A little talk on Gerrard, here, perhaps, because it has been good to see him making such a difference even from the deeper role he has been assigned by Hodgson. It was not just the accuracy of the cross to Andy Carroll which was important for England's first goal against Sweden but his ability to give it just the right pace. The difference between quality players and the rest is their ability not only to do something with the ball but to do it very quickly. Even at the level we are now watching, a player can maybe see a pass but not play it more than 30 metres. Steven can make a 40-metre pass, with accuracy and the right pace. He can see the necessary pass and make it at the same time. That is quality.
I like James Milner very much, as well. He was doing a very good job for the team in the first half against Sweden but you could see that England had to change things because he had been working so hard and was tired. Yes, Theo Walcott had an impact but it might not have been the same if he had been playing from the start. By bringing him on, England introduced something different. People on the outside – journalists perhaps! – can get too obsessed with the 11 players who start the match. It was not just Walcott but the combination of the two players – Milner and Walcott – which made the difference against Sweden.
Silva proves to be king of the 'small people'
I have not had the chance to talk about Spain too much yet, though if England meet them in the quarter-final next weekend then there will be plenty of chances. On a personal level, it's pleased me very much to see David Silva in Spain's starting line-up at the championship and proving what a player he is.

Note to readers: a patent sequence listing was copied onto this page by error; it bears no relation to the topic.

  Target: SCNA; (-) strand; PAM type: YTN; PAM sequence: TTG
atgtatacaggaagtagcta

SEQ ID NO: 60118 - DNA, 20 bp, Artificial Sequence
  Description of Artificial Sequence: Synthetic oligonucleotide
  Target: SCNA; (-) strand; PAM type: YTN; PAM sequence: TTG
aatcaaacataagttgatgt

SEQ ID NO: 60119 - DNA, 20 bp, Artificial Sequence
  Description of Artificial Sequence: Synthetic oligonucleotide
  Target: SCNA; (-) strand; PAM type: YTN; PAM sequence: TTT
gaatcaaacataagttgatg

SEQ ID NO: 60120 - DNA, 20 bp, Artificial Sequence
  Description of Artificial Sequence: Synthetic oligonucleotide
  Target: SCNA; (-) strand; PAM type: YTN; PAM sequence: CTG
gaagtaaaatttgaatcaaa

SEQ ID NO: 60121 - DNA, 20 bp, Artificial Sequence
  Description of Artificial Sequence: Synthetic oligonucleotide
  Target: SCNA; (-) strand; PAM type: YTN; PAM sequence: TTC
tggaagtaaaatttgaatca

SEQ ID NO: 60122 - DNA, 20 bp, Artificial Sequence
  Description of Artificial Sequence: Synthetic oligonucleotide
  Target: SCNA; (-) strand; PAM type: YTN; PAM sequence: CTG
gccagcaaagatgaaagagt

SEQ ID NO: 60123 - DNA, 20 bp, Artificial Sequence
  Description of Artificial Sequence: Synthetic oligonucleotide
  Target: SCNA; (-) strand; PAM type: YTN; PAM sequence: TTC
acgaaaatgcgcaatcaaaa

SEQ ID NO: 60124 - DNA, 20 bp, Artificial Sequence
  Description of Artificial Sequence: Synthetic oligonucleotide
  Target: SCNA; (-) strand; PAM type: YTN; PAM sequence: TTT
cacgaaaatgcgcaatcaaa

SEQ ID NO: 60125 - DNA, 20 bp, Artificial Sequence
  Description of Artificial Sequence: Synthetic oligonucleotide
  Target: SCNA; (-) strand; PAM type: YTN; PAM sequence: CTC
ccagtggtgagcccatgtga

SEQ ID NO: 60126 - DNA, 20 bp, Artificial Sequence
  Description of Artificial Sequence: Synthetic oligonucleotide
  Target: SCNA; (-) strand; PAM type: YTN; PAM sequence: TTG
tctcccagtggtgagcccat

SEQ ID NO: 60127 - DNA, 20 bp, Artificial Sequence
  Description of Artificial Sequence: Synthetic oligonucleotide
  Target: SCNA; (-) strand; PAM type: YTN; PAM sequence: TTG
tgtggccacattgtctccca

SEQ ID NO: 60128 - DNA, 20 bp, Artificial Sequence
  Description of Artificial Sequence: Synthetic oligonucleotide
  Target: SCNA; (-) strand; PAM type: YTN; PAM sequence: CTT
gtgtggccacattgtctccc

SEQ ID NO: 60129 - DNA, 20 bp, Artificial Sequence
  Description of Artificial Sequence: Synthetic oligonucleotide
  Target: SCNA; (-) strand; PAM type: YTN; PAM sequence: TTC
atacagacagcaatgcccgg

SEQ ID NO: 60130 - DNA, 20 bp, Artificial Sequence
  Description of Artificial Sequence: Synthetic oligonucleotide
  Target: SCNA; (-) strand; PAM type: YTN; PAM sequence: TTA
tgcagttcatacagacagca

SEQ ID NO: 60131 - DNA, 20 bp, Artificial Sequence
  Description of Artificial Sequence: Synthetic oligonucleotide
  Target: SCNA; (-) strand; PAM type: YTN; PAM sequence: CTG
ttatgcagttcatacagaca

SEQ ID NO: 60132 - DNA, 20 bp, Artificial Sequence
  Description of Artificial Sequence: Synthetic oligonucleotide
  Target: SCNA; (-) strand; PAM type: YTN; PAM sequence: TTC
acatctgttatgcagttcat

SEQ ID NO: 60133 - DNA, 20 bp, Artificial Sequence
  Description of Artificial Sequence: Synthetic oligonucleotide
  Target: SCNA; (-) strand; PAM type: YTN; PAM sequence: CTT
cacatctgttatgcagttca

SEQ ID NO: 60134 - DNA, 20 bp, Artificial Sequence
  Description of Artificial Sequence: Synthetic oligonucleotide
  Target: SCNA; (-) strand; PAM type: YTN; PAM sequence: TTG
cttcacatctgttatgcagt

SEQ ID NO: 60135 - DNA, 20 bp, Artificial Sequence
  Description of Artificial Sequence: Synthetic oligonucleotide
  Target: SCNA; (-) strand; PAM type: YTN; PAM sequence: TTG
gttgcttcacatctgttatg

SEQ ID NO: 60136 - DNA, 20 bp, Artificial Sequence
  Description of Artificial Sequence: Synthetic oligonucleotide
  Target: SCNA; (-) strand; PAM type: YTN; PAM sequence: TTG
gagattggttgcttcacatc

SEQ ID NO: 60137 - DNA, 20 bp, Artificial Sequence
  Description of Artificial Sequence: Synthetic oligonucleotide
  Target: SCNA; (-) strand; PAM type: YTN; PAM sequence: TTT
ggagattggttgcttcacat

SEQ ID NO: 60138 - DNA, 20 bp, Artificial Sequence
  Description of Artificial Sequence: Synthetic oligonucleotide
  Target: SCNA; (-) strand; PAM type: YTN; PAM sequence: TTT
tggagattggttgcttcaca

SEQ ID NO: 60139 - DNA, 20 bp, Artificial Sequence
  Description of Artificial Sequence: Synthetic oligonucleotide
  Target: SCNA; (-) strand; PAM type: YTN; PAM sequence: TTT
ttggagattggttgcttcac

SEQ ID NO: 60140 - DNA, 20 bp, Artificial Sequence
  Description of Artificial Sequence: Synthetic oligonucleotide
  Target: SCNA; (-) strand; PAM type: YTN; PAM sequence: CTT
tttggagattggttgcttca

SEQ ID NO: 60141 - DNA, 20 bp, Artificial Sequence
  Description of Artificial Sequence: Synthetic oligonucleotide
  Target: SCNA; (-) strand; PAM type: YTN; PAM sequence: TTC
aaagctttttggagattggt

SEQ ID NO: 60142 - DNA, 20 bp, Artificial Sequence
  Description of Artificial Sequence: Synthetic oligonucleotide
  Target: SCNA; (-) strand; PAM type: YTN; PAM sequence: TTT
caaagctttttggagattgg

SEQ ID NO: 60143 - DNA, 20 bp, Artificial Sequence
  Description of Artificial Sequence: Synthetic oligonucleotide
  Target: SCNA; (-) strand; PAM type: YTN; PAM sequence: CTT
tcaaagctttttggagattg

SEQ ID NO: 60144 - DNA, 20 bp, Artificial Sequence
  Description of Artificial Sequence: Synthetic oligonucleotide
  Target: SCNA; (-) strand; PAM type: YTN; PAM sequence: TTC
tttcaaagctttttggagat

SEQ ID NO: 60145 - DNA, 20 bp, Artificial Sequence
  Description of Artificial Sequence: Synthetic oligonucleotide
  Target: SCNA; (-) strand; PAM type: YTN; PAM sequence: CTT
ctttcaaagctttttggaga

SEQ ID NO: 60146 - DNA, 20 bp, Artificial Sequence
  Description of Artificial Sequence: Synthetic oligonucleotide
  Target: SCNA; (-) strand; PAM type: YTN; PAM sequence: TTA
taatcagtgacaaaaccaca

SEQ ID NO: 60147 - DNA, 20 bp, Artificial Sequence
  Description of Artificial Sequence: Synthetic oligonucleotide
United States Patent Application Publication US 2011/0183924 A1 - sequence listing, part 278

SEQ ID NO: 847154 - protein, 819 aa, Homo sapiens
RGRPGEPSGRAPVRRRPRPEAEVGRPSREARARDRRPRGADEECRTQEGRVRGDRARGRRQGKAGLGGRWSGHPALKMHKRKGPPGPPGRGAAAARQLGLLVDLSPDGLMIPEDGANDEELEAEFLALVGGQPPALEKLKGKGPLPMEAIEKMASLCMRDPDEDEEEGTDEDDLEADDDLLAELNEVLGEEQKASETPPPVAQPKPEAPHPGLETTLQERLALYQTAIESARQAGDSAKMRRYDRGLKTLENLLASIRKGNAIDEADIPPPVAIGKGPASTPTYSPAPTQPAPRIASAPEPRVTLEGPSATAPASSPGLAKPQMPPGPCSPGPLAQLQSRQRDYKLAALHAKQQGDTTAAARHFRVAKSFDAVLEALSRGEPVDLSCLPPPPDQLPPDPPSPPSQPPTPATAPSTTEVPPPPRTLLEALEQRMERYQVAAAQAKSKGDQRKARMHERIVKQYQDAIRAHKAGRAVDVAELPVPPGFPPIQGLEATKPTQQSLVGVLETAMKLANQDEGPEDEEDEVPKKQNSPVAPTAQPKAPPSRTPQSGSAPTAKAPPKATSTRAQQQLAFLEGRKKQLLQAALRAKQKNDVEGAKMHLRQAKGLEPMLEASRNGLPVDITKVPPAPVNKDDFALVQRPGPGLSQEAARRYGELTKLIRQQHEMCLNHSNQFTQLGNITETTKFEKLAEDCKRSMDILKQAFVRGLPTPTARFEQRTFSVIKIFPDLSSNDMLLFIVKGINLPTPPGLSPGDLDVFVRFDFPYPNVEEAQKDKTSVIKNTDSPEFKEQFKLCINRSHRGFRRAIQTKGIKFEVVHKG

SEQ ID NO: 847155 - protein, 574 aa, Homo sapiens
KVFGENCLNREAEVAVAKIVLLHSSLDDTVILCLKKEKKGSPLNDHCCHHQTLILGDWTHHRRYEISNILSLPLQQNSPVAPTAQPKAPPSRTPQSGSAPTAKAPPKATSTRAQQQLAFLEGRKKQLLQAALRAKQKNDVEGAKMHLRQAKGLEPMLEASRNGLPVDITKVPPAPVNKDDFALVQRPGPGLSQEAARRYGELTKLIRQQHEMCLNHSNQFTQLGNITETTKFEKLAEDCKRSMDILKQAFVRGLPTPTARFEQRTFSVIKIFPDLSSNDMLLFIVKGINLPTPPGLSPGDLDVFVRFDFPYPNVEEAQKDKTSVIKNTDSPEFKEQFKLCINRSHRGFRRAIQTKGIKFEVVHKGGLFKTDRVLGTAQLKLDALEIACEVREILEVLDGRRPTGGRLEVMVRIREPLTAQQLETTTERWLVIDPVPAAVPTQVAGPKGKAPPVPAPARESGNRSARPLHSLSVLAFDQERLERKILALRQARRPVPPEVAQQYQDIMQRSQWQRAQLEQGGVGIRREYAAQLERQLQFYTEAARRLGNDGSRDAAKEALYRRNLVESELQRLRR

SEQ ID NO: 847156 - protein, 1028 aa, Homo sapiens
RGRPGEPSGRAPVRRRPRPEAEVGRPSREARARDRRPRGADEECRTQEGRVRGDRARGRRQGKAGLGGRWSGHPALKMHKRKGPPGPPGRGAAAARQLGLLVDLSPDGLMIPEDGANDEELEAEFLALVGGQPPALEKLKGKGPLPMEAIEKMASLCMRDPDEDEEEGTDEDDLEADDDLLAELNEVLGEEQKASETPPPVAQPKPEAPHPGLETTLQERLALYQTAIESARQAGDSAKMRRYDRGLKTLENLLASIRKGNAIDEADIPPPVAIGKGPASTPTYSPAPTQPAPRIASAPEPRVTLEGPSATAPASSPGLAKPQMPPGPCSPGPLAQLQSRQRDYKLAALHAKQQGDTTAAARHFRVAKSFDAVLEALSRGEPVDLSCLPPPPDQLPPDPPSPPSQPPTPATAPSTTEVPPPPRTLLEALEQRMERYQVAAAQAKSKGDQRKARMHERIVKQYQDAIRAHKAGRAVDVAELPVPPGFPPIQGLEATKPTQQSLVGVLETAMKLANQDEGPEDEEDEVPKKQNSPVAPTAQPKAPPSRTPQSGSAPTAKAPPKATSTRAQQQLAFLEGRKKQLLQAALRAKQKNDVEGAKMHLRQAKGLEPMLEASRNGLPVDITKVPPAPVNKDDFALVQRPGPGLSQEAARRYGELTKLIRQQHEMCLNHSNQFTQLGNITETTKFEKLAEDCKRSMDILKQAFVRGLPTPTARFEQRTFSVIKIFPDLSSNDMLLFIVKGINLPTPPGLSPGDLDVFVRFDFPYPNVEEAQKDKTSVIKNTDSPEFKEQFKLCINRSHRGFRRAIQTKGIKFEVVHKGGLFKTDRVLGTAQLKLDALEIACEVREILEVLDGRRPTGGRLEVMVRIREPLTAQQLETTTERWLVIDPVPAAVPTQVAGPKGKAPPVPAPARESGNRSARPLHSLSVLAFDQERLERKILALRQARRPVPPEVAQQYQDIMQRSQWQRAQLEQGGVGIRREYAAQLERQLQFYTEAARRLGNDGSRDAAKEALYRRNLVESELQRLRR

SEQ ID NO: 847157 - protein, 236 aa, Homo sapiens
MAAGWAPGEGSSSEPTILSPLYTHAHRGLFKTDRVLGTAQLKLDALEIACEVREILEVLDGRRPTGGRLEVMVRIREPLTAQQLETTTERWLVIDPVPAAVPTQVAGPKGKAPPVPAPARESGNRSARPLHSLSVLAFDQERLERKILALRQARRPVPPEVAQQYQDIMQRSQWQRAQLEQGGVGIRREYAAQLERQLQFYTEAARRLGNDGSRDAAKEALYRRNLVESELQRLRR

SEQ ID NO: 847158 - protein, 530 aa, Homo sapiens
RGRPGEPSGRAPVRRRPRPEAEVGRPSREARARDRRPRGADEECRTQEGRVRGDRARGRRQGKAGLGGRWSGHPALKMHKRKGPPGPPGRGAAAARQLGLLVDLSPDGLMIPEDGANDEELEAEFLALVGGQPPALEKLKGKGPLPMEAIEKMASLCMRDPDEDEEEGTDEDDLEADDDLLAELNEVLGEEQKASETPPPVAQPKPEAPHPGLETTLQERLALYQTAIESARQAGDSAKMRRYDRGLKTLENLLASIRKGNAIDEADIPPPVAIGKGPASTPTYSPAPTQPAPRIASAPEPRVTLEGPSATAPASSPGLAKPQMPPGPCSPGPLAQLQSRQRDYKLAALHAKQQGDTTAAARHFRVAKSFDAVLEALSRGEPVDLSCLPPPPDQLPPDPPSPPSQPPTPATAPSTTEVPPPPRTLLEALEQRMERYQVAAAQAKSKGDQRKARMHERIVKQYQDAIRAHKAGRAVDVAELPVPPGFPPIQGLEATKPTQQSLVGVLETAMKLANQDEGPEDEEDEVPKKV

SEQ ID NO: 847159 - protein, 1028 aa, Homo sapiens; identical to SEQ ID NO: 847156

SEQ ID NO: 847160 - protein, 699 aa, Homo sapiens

At first it looked as if he might not make it as a footballer, as he was so slight and small, but I remember his debut for our Valencia team very well. It was a friendly against Castellon and the game intelligence and good understanding were there even then.
Maybe there was a bit of luck about the two nutmegs that brought him his goal against Ireland but play back the footage of the goal and look for the calmness and the composure as he finished. That is the important part. Everyone talks about the other Spanish midfield players of course – los bajitos (the small people) as we call them in Spain. The key aspect of their play is that they turn quicker than other players. Xavi has to face the game but the others can play "backwards" and turn. The prospect of facing Spain is an incentive for a very strong group of England players.
Voronin is clever... if his head is right
England might be facing one of my former players Andrei Voronin tonight and though it is very hard for a player to match the work ethic of a striker like Wayne Rooney, he does possess some of the technical skills that Rooney gives us. At Liverpool, we signed him on a free transfer from Bayer Leverkusen where he had shown, in the way he worked off Dimitar Berbatov, that he can be a very clever player when he puts his mind to it. Technically, he is very good. He makes very good movements, holds the ball well, passes and is not a bad finisher. He needs a target man to work with, which is why Andrei Shevchenko's knee injury will be a worry to Oleg Blokhin today.
Rafa's website, rafabenitez.com, provides tactical analysis and insight into Euro 2012 and wider football issues.